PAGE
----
Tuesday, April 19, 2011

Getting down with ABAP memory analysis and management

Mostly, ABAP programmers doesn't care too much on the memory being consumed by the application or reports they are creating during runtime. Though, yes sometimes, memory consumption is not the main issue when comes to abap programming. But, for me, having an efficient memory allocation and management of your application is one way of showing how keen you are and not only that, it shows also how much you care to the overall performance of your SAP system where your apps resides. It starts from 1 to reach 1000 and so on. Meaning, if you don't know how to manage or to free-up even 1bit of your memory garbage, it will lead to be a problem/disaster later on. So why wait for your apps/system to crush when you can manage it right now? In this topic, I will show you the different tools available from SAP that could help us in managing memory issues and if how can we minimize and clean up some of those.

First, let us look at what really happened when we run our application inside SAP.  Once a certain transaction has been triggered to run (inputting the tcode for example), it will automatically consume a different memory allocation from variable declarations, calling db tables, creating an object and so on. These memory allocations will be retained and compounded ( pressing f8) as long as the transaction is currently active or has not been exited/terminated yet. I.e if you are running a report repeatedly by returning back to the selection screen and run it again and so on without terminating, then this will increase the memory being consumed in allocated addresses like heap, paging etc. Doing such, will result to a memory overflow until your current transaction will be forcefully terminated by the system. Of course, addressing this issue can be done by a proper, careful, and efficient program design.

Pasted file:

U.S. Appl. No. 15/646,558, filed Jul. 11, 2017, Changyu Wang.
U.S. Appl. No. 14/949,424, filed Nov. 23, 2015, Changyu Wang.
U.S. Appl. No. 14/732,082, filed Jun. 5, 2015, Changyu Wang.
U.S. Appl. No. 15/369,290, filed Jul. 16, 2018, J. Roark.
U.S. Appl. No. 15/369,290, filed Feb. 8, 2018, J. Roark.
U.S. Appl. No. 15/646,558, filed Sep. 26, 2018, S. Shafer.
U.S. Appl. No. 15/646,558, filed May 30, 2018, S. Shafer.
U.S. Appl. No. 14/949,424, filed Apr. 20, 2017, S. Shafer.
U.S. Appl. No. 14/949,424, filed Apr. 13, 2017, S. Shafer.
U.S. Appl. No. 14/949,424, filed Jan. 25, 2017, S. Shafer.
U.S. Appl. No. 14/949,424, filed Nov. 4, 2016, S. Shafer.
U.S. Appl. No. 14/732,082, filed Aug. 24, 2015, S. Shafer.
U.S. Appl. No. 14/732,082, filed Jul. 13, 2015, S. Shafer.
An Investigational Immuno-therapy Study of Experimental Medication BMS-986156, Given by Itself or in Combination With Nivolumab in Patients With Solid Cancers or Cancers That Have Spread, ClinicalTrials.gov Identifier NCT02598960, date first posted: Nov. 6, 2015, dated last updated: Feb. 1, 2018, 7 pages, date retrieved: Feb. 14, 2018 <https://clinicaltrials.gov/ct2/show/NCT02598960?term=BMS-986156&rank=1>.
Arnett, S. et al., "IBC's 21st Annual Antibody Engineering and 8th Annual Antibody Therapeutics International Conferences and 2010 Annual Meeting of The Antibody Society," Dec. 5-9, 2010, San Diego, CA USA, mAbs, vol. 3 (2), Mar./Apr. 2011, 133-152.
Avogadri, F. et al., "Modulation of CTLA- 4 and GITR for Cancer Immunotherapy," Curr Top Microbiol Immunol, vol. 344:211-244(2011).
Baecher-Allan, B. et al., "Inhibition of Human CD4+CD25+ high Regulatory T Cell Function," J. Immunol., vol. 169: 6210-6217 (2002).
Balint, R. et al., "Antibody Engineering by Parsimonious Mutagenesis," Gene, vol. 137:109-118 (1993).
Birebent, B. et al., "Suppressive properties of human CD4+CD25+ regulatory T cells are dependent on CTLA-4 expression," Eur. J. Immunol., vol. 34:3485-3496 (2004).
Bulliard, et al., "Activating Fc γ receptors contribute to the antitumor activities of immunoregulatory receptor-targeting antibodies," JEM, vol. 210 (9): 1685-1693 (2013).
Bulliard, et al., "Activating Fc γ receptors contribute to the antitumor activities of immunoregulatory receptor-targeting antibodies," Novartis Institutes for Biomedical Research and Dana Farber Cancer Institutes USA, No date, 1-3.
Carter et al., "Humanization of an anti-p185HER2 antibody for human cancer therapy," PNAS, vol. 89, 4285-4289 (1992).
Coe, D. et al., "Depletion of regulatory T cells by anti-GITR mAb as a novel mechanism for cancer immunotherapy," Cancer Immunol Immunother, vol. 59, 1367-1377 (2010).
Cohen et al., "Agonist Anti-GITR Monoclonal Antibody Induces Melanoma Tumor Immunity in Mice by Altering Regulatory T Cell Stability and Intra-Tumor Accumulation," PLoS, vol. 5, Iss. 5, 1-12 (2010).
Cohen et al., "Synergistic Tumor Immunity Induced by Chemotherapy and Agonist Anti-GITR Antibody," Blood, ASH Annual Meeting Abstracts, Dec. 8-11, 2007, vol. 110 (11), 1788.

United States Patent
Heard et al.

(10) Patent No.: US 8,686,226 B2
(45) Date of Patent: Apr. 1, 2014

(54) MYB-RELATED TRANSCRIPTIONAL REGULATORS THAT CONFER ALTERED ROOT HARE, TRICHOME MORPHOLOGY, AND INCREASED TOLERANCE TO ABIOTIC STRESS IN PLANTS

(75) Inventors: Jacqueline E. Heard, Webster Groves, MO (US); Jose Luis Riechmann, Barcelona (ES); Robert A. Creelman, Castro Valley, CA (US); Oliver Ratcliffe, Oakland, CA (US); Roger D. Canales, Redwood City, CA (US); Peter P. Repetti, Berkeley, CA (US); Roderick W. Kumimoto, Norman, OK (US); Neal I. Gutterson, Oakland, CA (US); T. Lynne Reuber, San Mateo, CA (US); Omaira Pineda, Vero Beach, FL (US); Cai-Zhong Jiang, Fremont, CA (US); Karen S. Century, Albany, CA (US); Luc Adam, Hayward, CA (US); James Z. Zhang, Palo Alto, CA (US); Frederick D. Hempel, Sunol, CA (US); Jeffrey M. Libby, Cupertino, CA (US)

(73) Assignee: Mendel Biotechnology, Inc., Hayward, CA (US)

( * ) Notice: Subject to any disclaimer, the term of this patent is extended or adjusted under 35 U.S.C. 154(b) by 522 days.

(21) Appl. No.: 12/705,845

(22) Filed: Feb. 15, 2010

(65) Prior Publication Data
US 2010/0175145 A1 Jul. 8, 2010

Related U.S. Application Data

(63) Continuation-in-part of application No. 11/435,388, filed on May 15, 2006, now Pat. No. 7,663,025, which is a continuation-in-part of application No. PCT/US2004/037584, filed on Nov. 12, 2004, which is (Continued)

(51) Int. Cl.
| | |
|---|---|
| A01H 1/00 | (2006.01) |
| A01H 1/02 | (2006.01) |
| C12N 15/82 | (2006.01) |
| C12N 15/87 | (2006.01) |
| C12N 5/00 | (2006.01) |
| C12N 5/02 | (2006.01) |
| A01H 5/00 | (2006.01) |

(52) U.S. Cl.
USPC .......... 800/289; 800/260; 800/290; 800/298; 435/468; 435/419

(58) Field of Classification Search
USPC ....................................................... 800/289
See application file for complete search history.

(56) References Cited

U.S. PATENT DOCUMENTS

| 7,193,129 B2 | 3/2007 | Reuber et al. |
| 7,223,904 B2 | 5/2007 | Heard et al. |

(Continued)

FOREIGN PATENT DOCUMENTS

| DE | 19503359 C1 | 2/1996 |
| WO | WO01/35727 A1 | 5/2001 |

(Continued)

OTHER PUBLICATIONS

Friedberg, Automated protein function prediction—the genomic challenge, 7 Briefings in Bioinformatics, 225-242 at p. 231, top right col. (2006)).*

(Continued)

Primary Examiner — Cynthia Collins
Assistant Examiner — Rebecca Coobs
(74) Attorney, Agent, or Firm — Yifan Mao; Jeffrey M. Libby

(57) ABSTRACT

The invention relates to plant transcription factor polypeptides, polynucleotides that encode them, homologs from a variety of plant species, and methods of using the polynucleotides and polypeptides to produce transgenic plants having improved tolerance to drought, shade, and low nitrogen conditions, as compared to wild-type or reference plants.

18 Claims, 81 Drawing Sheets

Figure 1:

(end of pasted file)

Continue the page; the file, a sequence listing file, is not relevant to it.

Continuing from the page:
Memory related problems i.e leaks, can be identified using STAD and SM04/SM50 tcodes of SAP.

STAD ideally used to detect resource consumption after running a transaction or has finished processing. While, SM04/SM50 is ideal for monitoring online, real-time or running transactions.

Using the ABAP debugger is also helpful in looking for memory consumptions of ABAP.

Initializing Internal tables to a specific number of records, if you're sure, and or initializing it to zero or using the new itab declarations i.e TYPE STANDARD TABLE are advisable. These will help significantly in addressing memory leaks. Other best practice approach is to use FREE/REFRESH and CLEAR statement to your variables or itabs. Remember that using DELETE doesn't decrease or eliminate memory allocations but rather only delete the records or data of your itab. Thus if a certain itab will not be used anymore, it is advisable to refresh the content to minimize memory leaks or to avoid it completely.

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